Seven Sisters Generating Station
- Construction started 1929;
- Construction completed 1952;
- Capacity 165 MW;
- Average annual generation 990 million kWh;
- Waterfall drop 18.6 metres;
- 128 metres long.
- 6 turbine generators (units) (units 1 to 3 turn at 138.5 rpm, units 4 to 6 at 128.6 rpm);
- First unit in service 1931;
- Units' discharge capacity 1,146 m3 of water;
- Forebay area 21 km2;
- Forebay's normal water level 274.2 metres;
- Spillway length 225 metres (Seven Sisters has 2 spillways with 27 bays, divided by a sluiceway with 2 bays);
- Spillway's discharge capacity 1,030 m3 of water;
- Transmission lines:
- 5 115-kV lines to Winnipeg;
- 1 115-kV line each to Whiteshell area and Kenora, Ontario.
Winnipeg River generating stations: Seven Sisters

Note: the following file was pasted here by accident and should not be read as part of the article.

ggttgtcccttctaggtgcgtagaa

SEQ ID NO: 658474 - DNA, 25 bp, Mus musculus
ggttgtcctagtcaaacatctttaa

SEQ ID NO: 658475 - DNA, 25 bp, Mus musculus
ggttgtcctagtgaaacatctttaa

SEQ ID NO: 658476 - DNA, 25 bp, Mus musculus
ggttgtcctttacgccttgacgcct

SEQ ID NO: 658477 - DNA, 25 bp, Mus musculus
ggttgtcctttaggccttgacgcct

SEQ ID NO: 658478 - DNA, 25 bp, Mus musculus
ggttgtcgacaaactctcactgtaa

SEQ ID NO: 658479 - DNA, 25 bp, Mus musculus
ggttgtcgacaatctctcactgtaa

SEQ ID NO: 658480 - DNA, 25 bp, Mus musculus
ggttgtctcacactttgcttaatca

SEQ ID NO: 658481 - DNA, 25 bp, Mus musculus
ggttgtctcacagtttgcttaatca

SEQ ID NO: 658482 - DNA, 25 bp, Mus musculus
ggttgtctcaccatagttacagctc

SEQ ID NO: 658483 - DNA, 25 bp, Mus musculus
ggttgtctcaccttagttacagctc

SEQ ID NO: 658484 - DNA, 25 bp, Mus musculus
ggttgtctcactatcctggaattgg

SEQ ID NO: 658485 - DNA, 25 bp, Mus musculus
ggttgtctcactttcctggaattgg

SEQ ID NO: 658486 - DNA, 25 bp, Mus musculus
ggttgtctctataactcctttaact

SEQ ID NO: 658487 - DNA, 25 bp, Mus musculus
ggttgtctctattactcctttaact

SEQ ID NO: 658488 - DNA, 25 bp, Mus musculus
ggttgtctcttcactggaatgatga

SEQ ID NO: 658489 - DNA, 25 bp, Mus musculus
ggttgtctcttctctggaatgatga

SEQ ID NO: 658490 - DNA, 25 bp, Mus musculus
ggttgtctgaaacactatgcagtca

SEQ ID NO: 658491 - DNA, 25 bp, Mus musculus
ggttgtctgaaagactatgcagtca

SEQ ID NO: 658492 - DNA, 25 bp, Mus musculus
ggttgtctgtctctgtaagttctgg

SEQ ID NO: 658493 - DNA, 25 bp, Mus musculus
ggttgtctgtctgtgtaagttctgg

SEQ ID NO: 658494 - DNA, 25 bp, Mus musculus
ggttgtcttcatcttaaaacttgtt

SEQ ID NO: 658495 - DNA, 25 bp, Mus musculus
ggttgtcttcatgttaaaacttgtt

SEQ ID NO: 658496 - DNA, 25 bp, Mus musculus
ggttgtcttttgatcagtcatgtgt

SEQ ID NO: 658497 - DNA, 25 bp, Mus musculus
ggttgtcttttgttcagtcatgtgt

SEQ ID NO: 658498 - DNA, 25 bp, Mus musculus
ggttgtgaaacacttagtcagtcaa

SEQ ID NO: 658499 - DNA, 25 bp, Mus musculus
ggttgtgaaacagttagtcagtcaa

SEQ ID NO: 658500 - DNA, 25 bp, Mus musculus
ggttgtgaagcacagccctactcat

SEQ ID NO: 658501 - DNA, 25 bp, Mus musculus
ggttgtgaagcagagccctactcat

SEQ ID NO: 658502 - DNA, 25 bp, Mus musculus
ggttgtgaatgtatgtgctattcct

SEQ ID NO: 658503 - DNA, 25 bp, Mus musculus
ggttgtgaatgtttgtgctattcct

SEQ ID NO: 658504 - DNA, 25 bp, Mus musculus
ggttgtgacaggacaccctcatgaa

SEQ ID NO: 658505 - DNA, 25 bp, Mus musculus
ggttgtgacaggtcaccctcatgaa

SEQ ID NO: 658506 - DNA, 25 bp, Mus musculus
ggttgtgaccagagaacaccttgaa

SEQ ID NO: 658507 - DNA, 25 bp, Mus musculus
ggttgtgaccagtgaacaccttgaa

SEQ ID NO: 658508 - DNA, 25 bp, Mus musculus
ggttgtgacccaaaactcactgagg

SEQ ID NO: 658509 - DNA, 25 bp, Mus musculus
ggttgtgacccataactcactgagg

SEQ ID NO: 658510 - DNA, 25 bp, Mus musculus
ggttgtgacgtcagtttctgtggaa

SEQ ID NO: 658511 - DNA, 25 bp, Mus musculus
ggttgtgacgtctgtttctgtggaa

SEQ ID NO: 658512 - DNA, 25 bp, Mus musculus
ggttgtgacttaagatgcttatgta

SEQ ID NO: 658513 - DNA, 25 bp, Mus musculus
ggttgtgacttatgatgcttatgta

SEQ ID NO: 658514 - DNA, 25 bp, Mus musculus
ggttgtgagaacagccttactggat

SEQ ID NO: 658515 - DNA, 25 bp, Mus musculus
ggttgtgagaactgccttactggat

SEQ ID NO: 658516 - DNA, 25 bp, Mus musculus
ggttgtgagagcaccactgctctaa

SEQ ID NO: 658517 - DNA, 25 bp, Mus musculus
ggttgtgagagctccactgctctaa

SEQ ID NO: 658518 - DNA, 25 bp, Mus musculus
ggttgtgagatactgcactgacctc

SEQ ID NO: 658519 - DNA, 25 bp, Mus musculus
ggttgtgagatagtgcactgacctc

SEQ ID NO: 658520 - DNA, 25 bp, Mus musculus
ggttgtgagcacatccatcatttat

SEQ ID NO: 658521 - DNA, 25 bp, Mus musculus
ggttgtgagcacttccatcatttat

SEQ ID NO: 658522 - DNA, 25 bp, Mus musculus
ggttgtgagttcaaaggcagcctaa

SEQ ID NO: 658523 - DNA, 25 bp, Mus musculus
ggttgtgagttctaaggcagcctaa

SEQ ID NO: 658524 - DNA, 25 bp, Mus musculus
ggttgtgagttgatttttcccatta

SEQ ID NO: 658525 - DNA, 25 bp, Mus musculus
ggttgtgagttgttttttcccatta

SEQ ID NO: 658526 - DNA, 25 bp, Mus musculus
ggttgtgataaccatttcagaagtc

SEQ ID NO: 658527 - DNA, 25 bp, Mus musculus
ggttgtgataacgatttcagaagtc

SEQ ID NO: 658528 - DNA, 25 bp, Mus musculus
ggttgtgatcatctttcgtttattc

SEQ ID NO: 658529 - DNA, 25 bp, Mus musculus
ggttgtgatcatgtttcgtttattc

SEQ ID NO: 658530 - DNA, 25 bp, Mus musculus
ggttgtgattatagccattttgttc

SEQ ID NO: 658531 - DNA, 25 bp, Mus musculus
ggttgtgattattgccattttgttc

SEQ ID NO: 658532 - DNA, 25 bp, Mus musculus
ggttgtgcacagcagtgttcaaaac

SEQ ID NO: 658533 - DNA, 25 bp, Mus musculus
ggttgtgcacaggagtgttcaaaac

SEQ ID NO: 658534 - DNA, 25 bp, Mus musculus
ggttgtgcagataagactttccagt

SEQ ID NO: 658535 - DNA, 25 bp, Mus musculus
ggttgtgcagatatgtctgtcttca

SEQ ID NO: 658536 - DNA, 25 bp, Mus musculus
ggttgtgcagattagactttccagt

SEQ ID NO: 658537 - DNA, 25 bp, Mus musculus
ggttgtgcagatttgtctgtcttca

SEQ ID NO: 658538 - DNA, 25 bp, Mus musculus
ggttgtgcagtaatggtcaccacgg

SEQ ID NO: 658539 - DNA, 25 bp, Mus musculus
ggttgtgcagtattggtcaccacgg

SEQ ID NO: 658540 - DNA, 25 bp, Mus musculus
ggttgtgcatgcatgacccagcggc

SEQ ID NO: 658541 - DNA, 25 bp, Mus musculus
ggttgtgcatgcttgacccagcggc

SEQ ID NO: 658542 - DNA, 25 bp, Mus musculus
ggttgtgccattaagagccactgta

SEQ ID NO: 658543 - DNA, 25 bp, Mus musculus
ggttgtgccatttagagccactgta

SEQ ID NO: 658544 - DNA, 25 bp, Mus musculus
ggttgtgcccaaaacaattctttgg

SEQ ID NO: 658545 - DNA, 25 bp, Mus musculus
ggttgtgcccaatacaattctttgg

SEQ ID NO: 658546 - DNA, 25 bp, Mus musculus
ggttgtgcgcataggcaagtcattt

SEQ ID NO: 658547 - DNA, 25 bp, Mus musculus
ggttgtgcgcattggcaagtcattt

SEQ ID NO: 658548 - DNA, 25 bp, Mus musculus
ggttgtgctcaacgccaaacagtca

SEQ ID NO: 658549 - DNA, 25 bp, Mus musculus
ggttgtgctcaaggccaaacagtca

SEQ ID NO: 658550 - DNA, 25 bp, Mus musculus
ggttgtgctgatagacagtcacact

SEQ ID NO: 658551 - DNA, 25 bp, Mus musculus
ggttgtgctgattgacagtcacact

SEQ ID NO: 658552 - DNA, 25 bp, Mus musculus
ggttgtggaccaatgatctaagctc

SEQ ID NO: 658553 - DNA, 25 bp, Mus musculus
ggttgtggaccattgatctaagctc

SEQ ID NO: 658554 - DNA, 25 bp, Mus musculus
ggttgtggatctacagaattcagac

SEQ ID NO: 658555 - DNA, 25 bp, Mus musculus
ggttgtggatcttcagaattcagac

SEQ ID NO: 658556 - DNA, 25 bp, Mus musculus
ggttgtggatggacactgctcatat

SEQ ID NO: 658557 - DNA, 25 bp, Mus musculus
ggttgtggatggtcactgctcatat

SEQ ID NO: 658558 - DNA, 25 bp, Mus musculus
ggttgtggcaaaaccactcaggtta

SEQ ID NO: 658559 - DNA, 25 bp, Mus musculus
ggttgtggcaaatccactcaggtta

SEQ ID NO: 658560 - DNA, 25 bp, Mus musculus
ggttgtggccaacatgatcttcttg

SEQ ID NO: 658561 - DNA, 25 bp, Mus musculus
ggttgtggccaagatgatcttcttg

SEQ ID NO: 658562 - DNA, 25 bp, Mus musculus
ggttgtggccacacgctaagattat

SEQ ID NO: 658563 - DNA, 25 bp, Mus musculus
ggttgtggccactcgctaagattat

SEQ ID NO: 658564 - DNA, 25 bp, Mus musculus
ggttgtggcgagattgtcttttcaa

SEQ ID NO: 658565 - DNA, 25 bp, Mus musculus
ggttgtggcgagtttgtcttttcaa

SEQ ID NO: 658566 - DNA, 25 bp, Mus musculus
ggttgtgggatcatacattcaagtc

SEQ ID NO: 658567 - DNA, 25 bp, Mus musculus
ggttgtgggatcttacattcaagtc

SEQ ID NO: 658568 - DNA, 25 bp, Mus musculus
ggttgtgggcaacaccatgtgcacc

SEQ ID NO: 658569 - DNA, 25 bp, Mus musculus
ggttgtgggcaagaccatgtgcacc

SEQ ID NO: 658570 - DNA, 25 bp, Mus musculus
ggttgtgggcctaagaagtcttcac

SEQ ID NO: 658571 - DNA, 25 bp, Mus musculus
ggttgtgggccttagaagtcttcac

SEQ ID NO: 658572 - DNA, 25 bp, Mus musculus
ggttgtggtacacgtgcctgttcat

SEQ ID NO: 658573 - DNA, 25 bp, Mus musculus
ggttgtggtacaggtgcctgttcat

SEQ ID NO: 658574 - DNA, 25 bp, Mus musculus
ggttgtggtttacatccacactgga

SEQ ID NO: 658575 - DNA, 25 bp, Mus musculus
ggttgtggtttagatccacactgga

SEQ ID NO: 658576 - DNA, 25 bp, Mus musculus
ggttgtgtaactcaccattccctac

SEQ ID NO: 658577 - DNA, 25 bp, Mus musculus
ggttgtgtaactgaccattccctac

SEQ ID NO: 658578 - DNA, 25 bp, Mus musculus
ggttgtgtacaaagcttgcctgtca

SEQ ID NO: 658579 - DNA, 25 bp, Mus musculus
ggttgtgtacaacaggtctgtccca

Watch a short video on the history and development of this generating station.
Seven Sisters Generating Station is Manitoba Hydro's largest producer of electricity on the Winnipeg River. Located about 90 km northeast of the City of Winnipeg, it is fondly and respectfully described by engineers who designed and built it as the river's mightiest generating station.
Seven Sisters, which is about 72 km from Lake Winnipeg, was built in 2 stages. The first stage, begun in July 1929, featured the construction of a powerhouse. When completed in August 1931, it housed the first 3 of 6 turbine generators (called units) which produced a total of 75 MW.
Stage two began later, in 1948, 3 years after World War II had ended. In 1952, the sixth and final unit was placed in service. These additional units doubled the generating station's total megawatt production.